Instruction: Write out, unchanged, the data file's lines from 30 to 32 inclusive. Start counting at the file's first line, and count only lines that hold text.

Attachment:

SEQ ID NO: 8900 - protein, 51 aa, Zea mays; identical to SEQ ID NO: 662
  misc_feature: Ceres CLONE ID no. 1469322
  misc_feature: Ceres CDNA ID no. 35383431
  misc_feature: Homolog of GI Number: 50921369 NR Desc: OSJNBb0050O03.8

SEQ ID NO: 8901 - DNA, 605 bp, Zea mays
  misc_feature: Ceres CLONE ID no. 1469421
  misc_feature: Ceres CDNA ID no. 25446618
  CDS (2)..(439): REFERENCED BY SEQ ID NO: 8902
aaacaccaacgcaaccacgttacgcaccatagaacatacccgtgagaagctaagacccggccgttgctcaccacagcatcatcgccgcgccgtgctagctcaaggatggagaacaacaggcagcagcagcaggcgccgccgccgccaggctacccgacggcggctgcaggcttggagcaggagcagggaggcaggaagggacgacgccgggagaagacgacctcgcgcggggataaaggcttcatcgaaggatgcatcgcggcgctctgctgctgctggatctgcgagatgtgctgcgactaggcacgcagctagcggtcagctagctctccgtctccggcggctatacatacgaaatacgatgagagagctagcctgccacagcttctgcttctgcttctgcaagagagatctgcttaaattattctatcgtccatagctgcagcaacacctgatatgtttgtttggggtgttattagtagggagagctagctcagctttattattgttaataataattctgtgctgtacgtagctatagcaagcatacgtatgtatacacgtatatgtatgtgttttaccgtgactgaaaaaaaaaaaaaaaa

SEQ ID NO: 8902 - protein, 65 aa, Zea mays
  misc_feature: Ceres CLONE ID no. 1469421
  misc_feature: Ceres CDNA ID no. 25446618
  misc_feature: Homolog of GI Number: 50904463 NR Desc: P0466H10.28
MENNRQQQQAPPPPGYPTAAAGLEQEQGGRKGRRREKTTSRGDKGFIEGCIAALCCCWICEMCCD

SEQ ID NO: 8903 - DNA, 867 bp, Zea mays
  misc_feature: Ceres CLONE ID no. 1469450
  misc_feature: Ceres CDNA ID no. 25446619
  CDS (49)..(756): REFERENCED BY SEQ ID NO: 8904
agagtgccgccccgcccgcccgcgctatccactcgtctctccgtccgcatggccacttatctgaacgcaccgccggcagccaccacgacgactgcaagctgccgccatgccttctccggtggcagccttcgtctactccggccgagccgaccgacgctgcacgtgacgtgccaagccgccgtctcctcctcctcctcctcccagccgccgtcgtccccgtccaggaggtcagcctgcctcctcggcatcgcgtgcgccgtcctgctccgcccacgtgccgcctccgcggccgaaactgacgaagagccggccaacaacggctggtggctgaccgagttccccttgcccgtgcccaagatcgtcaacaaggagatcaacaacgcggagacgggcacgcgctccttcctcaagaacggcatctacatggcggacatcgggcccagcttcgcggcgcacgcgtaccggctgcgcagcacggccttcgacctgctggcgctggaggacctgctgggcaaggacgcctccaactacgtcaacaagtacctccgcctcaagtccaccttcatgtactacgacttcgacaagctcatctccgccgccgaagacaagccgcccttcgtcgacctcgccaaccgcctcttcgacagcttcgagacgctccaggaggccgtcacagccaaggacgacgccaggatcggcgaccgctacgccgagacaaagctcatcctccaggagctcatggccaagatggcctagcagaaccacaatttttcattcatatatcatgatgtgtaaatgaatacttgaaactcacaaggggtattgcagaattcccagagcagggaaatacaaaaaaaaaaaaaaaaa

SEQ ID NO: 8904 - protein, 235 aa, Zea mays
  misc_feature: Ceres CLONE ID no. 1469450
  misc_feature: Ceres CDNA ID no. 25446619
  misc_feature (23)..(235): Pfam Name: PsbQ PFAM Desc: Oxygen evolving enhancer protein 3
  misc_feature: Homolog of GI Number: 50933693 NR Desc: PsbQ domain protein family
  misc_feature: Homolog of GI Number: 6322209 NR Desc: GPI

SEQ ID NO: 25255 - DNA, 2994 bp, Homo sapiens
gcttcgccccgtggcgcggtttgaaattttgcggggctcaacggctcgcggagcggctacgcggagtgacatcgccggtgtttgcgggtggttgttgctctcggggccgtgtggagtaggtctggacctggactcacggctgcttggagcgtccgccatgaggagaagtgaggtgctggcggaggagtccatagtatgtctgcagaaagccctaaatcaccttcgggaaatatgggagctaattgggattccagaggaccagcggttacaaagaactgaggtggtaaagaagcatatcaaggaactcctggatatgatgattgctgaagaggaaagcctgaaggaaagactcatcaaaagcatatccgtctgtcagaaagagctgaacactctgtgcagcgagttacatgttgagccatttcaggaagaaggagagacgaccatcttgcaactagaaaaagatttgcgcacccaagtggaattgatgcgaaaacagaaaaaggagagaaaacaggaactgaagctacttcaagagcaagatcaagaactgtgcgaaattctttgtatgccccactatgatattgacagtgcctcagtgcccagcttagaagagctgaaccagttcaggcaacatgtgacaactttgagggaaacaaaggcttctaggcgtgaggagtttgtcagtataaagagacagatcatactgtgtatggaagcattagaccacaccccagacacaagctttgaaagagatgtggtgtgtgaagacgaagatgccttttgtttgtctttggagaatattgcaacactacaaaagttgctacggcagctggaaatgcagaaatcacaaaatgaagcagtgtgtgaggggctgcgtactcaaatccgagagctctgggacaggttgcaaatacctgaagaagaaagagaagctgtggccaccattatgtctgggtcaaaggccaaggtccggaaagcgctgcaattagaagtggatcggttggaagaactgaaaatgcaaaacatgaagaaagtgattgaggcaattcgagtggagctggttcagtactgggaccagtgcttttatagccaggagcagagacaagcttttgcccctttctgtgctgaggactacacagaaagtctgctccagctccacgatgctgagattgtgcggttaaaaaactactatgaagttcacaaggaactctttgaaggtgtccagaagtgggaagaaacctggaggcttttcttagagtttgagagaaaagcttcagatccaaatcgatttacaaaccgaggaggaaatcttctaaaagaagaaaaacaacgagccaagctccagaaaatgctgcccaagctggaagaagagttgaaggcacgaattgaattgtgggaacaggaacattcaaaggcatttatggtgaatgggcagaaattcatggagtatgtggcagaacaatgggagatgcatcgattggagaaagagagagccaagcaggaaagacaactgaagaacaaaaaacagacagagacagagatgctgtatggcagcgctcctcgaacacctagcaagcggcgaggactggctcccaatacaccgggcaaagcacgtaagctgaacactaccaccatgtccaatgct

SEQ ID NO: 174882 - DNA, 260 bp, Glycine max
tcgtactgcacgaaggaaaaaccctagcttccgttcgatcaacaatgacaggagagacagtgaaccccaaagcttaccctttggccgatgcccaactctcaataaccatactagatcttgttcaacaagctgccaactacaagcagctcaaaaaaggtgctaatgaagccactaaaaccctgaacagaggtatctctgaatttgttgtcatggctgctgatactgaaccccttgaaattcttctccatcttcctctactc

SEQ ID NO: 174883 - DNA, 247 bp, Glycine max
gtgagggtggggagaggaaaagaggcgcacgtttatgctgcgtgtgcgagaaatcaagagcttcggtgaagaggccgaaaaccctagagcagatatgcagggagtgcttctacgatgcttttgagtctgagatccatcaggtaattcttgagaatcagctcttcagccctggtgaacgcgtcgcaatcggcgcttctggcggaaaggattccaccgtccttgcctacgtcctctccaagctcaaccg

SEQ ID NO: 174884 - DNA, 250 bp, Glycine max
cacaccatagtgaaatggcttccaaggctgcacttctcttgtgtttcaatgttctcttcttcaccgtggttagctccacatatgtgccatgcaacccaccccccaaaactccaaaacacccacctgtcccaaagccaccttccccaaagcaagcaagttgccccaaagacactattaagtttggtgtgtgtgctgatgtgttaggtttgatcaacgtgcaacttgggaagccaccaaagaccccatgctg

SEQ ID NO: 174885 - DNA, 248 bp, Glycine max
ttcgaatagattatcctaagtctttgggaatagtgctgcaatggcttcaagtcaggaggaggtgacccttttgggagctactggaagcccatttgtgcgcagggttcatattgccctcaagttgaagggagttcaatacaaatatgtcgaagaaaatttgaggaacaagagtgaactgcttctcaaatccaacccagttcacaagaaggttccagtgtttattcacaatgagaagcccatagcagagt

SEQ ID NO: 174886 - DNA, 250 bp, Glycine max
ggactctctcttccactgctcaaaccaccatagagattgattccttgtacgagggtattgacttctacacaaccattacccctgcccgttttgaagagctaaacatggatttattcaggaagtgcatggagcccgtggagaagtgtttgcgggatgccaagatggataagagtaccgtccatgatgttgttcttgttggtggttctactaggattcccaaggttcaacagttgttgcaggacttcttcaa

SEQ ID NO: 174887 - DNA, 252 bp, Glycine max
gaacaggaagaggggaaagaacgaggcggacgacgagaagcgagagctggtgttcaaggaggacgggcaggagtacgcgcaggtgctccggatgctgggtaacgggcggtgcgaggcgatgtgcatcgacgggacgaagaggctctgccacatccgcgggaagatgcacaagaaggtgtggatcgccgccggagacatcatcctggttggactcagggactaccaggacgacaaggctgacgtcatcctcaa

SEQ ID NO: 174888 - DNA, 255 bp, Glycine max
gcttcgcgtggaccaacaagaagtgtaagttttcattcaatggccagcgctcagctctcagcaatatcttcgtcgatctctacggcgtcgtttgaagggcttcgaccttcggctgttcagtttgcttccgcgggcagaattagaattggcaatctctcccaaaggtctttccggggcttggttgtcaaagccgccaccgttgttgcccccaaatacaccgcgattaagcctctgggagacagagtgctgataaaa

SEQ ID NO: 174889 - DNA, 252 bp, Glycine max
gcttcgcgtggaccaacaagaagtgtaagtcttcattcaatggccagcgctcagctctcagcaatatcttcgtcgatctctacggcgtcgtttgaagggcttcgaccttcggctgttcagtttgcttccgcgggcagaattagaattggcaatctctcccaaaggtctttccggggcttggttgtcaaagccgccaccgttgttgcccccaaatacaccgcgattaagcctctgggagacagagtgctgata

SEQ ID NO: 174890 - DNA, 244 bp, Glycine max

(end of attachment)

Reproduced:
SEQ ID NO: 174883 - DNA, 247 bp, Glycine max
gtgagggtggggagaggaaaagaggcgcacgtttatgctgcgtgtgcgagaaatcaagagcttcggtgaagaggccgaaaaccctagagcagatatgcagggagtgcttctacgatgcttttgagtctgagatccatcaggtaattcttgagaatcagctcttcagccctggtgaacgcgtcgcaatcggcgcttctggcggaaaggattccaccgtccttgcctacgtcctctccaagctcaaccg

SEQ ID NO: 174884 - DNA, 250 bp, Glycine max